Climate change policies and capital vintage effects: The cases of US pulp and paper, iron and steel, and ethylene

Matthias Ruth*, Brynhildur Davidsdottir, Anthony Amato

*Corresponding author for this work

Research output: Contribution to journalArticlepeer-review


Changes in material use, energy use and emissions profiles of industry are the result of complex interrelationships among a multitude of technological and economic drivers. To better understand and guide such changes requires that attention is paid to the time-varying consequences that technology and economic influences have on an industry's choice of inputs and its associated (desired and undesired) outputs. This paper lays out an approach to improving our understanding of the dynamics of large industrial systems. The approach combines engineering and econometric analysis with a detailed representation of an industry's capital stock structure. A transparent dynamic computer modeling approach is chosen to integrate information from these analyses in ways that foster participation of stakeholders from industry and government agencies in all stages of the modeling process-from problem definition and determination of system boundaries to generation of scenarios and interpretation of results. Three case studies of industrial energy use in the USA are presented-one each for the iron and steel, pulp and paper, and ethylene industry. Dynamic models of these industries are described and then used to investigate alternative carbon emissions and investment-led policies. A comparison of results clearly points towards two key issues: the need for industry specific policy approaches in order to effectively influence industrial energy use, fuel mix and carbon emissions, and the need for longer time horizons than have typically been chosen for the analysis of industrial responses to climate change policies.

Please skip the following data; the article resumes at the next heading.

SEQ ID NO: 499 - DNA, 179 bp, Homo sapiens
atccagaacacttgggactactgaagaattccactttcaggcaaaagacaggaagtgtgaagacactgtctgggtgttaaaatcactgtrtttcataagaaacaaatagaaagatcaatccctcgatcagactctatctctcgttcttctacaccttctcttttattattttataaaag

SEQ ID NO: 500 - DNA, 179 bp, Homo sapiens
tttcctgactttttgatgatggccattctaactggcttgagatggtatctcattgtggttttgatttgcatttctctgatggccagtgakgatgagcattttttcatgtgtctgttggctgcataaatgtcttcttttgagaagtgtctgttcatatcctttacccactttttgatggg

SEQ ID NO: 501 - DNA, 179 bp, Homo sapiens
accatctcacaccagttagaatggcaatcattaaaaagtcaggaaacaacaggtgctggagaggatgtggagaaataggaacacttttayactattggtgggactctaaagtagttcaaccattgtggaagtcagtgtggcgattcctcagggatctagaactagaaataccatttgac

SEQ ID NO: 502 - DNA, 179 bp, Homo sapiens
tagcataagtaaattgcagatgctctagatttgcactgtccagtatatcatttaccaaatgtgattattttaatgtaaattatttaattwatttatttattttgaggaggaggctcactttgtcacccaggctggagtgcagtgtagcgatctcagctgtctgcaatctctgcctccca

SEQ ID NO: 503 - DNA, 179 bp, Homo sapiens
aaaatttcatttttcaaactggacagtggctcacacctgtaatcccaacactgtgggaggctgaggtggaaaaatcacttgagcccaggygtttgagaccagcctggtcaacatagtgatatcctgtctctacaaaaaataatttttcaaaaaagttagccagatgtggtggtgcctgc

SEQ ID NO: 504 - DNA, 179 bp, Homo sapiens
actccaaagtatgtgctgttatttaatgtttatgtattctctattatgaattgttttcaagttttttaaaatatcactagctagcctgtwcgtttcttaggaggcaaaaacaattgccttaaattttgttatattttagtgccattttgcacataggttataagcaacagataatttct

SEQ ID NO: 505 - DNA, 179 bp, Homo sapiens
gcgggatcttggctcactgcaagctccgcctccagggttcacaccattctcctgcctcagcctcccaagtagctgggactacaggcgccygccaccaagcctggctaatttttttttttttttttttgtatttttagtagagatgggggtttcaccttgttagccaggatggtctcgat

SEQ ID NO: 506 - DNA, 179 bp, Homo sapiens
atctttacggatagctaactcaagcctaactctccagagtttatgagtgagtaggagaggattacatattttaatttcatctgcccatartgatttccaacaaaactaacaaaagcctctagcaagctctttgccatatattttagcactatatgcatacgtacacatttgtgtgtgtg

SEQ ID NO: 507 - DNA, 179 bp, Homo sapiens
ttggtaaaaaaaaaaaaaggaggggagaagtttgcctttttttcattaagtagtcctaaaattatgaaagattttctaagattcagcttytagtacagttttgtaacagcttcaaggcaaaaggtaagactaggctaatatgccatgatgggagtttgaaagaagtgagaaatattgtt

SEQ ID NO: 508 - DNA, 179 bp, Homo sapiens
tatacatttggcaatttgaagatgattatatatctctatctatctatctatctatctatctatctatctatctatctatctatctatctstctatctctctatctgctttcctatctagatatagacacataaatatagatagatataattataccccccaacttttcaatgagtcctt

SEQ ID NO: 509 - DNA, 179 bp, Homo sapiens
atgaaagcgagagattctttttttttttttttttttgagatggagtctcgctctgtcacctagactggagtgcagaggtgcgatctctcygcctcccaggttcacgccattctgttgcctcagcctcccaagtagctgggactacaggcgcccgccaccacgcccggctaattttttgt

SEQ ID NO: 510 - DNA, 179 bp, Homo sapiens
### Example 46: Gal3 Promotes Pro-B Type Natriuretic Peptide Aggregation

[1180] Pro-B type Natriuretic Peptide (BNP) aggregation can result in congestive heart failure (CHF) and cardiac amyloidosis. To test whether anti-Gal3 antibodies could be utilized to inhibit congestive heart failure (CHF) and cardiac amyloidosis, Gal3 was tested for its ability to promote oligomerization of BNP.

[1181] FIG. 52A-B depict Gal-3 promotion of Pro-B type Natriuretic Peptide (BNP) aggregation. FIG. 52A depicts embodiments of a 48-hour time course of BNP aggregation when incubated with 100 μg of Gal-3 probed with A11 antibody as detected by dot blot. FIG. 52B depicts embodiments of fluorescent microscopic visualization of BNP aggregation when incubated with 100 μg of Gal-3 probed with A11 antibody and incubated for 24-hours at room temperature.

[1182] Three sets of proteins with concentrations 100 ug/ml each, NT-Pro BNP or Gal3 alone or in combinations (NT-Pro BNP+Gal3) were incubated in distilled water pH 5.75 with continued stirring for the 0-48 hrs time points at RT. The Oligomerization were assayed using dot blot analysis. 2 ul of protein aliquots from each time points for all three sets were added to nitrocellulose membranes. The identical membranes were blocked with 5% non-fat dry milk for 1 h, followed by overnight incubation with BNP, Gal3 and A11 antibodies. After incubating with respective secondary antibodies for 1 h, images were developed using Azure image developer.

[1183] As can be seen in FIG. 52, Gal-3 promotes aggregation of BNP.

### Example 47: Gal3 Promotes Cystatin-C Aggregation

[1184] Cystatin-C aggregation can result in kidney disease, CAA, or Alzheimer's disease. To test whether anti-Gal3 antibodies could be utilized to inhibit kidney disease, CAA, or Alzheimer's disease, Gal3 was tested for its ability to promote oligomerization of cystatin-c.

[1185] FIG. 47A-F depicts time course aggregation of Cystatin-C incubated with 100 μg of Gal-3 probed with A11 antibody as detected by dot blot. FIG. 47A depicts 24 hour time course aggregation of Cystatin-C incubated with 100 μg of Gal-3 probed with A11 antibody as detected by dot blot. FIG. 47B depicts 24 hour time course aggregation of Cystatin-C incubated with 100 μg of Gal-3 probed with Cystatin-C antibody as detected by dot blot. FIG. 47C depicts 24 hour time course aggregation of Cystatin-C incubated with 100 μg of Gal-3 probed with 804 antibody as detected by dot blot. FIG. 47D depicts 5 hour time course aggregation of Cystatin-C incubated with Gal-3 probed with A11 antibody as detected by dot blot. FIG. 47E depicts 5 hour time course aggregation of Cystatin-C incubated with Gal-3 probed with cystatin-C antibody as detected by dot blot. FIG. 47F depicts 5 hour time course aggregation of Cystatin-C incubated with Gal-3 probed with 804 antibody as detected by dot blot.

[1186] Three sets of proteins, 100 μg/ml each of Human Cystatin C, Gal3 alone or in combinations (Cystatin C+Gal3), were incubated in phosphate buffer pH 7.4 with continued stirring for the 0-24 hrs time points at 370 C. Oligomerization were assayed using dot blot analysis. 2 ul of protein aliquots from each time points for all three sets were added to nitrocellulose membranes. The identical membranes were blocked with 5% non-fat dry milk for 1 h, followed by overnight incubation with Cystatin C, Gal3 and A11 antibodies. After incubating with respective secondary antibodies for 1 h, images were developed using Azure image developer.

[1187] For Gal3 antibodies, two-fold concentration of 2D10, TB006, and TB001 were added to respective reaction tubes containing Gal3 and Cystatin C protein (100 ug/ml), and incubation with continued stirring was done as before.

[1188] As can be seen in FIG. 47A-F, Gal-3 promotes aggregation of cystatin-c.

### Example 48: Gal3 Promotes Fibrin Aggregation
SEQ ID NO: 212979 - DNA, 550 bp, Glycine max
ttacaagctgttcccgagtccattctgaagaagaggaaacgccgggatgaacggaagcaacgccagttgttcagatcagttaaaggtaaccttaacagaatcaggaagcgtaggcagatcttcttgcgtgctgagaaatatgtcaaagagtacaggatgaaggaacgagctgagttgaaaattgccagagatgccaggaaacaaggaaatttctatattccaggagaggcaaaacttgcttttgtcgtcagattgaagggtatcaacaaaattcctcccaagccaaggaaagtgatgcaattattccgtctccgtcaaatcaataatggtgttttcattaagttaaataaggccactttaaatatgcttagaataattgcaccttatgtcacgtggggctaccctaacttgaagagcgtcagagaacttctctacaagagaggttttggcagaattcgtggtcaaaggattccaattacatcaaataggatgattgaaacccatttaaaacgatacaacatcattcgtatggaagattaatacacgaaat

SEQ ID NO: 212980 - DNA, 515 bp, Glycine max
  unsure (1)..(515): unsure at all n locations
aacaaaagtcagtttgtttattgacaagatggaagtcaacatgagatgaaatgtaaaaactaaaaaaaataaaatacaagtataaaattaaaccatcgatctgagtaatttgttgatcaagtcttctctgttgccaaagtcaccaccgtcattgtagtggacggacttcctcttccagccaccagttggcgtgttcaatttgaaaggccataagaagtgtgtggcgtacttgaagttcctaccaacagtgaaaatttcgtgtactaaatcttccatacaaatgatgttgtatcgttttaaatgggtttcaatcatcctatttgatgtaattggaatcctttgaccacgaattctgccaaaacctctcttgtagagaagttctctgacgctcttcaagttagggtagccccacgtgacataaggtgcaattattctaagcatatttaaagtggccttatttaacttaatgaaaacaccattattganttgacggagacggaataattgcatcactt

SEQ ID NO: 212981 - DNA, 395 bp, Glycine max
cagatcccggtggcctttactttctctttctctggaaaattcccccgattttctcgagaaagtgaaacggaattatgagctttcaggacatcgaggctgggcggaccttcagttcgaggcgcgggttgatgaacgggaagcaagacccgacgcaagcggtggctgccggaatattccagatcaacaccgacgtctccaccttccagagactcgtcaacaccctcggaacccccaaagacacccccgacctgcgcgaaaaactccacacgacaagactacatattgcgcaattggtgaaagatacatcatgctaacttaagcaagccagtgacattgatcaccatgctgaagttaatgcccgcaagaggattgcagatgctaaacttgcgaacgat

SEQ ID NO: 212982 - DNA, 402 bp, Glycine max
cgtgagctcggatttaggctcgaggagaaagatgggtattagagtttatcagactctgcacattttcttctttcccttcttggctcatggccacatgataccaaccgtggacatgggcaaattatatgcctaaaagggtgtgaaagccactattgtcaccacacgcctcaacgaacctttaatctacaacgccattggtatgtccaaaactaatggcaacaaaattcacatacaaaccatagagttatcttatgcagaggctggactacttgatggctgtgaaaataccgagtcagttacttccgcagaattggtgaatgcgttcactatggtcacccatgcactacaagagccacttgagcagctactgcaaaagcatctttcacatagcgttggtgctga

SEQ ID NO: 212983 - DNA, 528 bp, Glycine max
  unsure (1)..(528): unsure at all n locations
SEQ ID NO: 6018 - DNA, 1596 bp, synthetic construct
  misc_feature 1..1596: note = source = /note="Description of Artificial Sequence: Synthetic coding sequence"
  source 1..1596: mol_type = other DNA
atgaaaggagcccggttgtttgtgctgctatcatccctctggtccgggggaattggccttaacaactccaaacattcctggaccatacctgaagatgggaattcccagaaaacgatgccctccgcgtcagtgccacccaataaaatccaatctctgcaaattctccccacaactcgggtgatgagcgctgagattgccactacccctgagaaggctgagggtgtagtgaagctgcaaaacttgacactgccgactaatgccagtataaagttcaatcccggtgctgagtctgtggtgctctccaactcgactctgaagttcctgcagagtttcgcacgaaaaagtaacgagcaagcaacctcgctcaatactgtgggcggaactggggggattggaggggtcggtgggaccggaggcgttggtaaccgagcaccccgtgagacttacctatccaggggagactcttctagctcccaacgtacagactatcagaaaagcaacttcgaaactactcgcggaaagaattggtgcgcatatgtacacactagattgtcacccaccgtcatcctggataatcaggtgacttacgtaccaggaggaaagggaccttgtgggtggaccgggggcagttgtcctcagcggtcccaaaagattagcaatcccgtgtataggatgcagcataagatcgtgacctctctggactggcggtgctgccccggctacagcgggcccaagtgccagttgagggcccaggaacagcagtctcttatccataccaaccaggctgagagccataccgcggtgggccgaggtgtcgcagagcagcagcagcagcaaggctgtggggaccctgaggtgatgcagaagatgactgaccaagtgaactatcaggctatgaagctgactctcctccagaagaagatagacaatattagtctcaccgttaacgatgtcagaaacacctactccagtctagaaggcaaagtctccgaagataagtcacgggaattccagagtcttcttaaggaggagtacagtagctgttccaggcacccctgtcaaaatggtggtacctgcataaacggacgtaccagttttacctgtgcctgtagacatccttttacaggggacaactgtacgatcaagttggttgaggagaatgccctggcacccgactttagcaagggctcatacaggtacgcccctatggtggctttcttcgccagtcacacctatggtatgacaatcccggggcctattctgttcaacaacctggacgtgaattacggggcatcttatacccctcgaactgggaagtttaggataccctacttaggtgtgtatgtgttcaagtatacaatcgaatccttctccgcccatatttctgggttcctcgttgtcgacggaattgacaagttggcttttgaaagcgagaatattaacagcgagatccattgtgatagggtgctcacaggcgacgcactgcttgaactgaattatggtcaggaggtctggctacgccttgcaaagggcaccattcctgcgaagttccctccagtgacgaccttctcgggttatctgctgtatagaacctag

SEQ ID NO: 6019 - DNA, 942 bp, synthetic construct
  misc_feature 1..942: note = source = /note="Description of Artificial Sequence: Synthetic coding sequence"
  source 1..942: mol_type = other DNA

Original languageEnglish
Pages (from-to)235-252
Number of pages18
JournalJournal of Environmental Management
Issue number3
Publication statusPublished - Mar 2004


  • Carbon emissions
  • Climate change policy
  • Dynamic modeling
  • Ethylene
  • Iron and steel
  • Pulp and paper
  • Technological change

Cite this